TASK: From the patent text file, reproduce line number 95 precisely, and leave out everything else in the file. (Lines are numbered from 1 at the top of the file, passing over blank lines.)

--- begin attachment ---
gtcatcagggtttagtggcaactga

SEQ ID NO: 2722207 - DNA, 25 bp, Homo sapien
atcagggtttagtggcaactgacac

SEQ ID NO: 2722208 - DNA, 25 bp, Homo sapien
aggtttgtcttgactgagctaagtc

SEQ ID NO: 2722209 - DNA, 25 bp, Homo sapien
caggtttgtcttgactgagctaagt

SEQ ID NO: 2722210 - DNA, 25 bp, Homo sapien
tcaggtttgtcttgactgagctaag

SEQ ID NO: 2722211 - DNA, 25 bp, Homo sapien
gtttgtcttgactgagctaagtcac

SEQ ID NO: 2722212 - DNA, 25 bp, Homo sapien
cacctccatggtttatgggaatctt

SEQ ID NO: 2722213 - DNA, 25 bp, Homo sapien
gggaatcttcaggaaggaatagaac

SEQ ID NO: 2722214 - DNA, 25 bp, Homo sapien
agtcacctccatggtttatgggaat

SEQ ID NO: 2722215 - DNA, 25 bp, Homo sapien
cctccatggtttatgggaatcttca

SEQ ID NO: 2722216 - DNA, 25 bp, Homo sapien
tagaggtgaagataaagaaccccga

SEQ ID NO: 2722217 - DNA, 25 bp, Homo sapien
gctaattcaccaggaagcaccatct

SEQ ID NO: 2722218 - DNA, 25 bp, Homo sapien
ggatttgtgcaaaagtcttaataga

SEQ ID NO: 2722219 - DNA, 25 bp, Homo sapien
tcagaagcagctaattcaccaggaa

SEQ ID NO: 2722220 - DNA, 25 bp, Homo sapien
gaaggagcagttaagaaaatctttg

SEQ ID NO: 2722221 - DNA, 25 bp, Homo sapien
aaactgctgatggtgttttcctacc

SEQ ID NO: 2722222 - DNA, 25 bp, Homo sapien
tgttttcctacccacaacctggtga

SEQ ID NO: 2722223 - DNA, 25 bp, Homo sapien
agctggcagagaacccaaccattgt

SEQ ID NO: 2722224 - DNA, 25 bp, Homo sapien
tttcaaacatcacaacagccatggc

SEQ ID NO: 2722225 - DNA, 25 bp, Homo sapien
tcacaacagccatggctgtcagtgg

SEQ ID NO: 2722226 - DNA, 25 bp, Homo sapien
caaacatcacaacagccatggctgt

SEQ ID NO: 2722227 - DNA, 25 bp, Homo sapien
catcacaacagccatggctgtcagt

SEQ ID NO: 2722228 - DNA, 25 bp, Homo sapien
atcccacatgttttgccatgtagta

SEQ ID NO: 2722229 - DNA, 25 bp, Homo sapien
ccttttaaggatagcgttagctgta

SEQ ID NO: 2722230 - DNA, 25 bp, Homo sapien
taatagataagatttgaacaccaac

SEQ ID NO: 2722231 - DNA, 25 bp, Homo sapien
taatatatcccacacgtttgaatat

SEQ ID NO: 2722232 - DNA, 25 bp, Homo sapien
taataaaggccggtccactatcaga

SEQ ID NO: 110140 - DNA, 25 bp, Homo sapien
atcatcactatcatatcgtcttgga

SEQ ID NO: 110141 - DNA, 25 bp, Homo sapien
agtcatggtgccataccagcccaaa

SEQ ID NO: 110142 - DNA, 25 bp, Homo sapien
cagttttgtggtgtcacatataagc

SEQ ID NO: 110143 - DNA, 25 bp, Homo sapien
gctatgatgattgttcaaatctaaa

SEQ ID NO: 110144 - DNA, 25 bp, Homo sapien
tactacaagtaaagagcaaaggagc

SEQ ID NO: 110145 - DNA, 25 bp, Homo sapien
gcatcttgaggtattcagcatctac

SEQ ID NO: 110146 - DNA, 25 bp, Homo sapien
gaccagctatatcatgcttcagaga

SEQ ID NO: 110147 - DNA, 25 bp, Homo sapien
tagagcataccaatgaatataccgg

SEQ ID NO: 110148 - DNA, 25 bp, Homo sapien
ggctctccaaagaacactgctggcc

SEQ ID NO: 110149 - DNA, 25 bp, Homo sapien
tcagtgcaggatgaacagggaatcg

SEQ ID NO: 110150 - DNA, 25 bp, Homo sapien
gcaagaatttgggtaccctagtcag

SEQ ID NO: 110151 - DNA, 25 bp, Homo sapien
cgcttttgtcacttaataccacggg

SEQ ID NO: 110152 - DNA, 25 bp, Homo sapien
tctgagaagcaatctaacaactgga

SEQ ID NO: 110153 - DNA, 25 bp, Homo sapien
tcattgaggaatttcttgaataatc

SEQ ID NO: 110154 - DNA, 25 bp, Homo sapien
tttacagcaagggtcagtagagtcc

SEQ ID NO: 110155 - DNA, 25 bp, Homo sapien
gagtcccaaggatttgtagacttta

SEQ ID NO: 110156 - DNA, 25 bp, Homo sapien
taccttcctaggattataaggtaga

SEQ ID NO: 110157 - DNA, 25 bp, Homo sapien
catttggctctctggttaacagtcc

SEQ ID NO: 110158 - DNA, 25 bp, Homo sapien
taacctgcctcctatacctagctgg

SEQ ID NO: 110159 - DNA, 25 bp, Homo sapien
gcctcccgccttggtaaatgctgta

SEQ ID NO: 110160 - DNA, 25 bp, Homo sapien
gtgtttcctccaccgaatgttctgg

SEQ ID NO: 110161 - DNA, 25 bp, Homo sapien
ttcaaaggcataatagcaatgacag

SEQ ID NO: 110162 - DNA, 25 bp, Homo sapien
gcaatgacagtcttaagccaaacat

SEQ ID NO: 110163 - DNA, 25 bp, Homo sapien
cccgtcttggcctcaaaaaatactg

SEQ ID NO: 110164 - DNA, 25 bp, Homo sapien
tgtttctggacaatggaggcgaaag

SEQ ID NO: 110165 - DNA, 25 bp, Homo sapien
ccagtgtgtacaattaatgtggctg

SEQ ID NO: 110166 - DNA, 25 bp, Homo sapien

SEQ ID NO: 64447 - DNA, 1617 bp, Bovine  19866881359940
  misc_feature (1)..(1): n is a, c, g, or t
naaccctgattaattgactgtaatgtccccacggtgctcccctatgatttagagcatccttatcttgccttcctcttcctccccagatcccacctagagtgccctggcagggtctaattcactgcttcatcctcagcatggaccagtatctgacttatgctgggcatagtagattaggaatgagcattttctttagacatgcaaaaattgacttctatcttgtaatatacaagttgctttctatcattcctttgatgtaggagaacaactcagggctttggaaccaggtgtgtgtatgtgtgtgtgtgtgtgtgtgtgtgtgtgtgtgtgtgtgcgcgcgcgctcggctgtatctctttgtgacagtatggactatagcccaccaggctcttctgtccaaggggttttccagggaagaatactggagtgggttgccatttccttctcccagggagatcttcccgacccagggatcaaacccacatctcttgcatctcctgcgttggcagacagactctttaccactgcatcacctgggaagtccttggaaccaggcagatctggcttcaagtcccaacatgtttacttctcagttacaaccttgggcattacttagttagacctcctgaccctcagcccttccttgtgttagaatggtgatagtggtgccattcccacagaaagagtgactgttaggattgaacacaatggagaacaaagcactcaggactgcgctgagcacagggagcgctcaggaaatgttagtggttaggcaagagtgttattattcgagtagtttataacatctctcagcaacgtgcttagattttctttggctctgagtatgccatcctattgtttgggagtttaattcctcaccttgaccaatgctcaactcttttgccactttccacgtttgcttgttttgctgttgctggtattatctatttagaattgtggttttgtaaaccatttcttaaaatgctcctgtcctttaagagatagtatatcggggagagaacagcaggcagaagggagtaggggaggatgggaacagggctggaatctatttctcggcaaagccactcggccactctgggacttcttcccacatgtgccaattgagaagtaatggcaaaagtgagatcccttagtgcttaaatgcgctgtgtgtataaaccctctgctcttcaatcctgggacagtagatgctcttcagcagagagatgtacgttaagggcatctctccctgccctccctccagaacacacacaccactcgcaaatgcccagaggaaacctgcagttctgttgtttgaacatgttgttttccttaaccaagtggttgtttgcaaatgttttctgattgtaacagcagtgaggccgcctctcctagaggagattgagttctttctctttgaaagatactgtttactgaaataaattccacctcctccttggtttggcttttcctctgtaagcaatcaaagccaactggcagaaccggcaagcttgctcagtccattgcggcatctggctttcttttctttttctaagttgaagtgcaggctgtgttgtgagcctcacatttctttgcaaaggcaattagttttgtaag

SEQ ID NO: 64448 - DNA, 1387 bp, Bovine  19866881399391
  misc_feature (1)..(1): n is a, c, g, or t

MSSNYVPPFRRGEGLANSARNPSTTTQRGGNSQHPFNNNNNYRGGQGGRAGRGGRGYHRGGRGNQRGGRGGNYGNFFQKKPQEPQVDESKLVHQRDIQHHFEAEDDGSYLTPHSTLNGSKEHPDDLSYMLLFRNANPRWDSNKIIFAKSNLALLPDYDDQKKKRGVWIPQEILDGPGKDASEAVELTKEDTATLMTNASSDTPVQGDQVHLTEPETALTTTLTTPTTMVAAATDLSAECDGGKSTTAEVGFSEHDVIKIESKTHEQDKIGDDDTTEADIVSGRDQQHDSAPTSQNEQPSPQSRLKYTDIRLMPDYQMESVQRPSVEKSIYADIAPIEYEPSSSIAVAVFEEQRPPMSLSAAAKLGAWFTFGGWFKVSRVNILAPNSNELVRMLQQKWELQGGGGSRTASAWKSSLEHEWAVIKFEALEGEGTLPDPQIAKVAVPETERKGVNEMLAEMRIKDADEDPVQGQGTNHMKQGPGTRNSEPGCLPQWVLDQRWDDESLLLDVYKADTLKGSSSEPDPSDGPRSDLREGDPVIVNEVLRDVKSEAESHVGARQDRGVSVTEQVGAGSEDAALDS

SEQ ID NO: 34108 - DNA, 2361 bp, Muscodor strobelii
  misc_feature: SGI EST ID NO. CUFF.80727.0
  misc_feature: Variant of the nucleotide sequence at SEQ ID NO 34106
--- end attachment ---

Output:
gtgtttcctccaccgaatgttctgg